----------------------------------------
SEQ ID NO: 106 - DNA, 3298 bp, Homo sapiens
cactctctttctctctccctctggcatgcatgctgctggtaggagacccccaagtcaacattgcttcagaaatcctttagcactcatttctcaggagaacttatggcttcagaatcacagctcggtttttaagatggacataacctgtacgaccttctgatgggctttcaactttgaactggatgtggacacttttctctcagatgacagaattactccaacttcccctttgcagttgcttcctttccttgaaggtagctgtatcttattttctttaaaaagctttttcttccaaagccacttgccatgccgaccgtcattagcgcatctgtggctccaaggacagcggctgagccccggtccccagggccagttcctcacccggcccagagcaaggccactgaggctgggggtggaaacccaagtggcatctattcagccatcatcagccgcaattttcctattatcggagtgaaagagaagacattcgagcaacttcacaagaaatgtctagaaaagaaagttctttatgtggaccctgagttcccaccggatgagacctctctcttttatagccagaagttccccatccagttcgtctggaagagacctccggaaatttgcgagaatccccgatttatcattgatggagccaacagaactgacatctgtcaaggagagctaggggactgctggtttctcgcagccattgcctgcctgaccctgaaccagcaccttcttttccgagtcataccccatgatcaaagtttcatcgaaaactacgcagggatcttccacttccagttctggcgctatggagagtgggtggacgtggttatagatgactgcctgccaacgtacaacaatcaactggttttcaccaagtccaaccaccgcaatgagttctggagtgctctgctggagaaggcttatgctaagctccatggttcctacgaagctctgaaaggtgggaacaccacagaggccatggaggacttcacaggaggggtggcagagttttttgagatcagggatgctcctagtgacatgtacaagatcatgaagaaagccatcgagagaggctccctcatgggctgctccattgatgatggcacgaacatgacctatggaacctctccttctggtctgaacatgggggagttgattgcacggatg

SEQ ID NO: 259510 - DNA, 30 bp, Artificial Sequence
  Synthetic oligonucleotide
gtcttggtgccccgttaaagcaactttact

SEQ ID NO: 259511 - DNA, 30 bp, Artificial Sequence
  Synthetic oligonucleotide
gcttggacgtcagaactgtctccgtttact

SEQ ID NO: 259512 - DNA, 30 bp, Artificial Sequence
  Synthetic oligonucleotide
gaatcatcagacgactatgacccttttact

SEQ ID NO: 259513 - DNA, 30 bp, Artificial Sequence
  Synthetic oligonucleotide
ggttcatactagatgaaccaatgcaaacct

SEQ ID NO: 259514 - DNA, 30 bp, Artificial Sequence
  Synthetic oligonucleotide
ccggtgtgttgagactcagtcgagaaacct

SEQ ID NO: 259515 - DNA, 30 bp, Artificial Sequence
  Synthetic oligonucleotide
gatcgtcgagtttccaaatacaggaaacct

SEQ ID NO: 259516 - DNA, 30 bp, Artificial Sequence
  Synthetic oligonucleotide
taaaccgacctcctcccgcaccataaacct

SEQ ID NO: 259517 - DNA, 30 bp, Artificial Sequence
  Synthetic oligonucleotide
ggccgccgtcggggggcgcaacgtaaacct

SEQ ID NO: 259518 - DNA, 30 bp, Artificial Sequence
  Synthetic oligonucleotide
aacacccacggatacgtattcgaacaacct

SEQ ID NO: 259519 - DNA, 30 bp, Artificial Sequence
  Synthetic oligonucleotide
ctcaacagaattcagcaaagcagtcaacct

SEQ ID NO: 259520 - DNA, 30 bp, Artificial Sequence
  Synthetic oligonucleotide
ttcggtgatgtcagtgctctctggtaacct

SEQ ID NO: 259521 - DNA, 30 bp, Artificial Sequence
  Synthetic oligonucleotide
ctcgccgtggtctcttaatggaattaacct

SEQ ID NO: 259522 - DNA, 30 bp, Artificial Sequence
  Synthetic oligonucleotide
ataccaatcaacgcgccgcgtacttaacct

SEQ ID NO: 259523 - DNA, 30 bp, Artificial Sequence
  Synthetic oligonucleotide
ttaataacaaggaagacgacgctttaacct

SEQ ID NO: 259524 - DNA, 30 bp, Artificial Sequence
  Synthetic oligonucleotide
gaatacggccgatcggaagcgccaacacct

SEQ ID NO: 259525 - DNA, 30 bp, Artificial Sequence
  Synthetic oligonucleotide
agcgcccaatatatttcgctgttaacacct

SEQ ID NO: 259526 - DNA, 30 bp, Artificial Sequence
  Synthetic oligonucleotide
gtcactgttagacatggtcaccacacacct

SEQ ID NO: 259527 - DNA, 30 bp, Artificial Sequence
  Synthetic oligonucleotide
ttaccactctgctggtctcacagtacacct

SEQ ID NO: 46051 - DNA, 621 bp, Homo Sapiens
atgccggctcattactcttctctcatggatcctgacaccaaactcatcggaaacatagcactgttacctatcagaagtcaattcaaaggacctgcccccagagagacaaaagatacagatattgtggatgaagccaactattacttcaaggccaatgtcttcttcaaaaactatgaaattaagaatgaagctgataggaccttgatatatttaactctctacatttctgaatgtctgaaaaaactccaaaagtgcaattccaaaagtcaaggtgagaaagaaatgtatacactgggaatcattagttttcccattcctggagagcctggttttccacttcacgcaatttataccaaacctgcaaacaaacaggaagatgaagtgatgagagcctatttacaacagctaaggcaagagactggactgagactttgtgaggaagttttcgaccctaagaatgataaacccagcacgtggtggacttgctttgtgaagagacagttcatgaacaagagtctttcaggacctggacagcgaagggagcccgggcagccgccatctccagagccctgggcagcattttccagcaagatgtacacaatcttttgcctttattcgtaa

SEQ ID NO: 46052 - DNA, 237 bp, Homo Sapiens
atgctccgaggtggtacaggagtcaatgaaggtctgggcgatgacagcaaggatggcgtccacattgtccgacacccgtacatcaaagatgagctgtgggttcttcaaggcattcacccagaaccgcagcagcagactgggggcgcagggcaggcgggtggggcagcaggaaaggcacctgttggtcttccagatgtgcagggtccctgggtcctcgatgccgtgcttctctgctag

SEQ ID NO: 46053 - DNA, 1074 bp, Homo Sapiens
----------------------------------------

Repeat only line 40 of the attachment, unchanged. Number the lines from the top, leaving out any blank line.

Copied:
  Synthetic oligonucleotide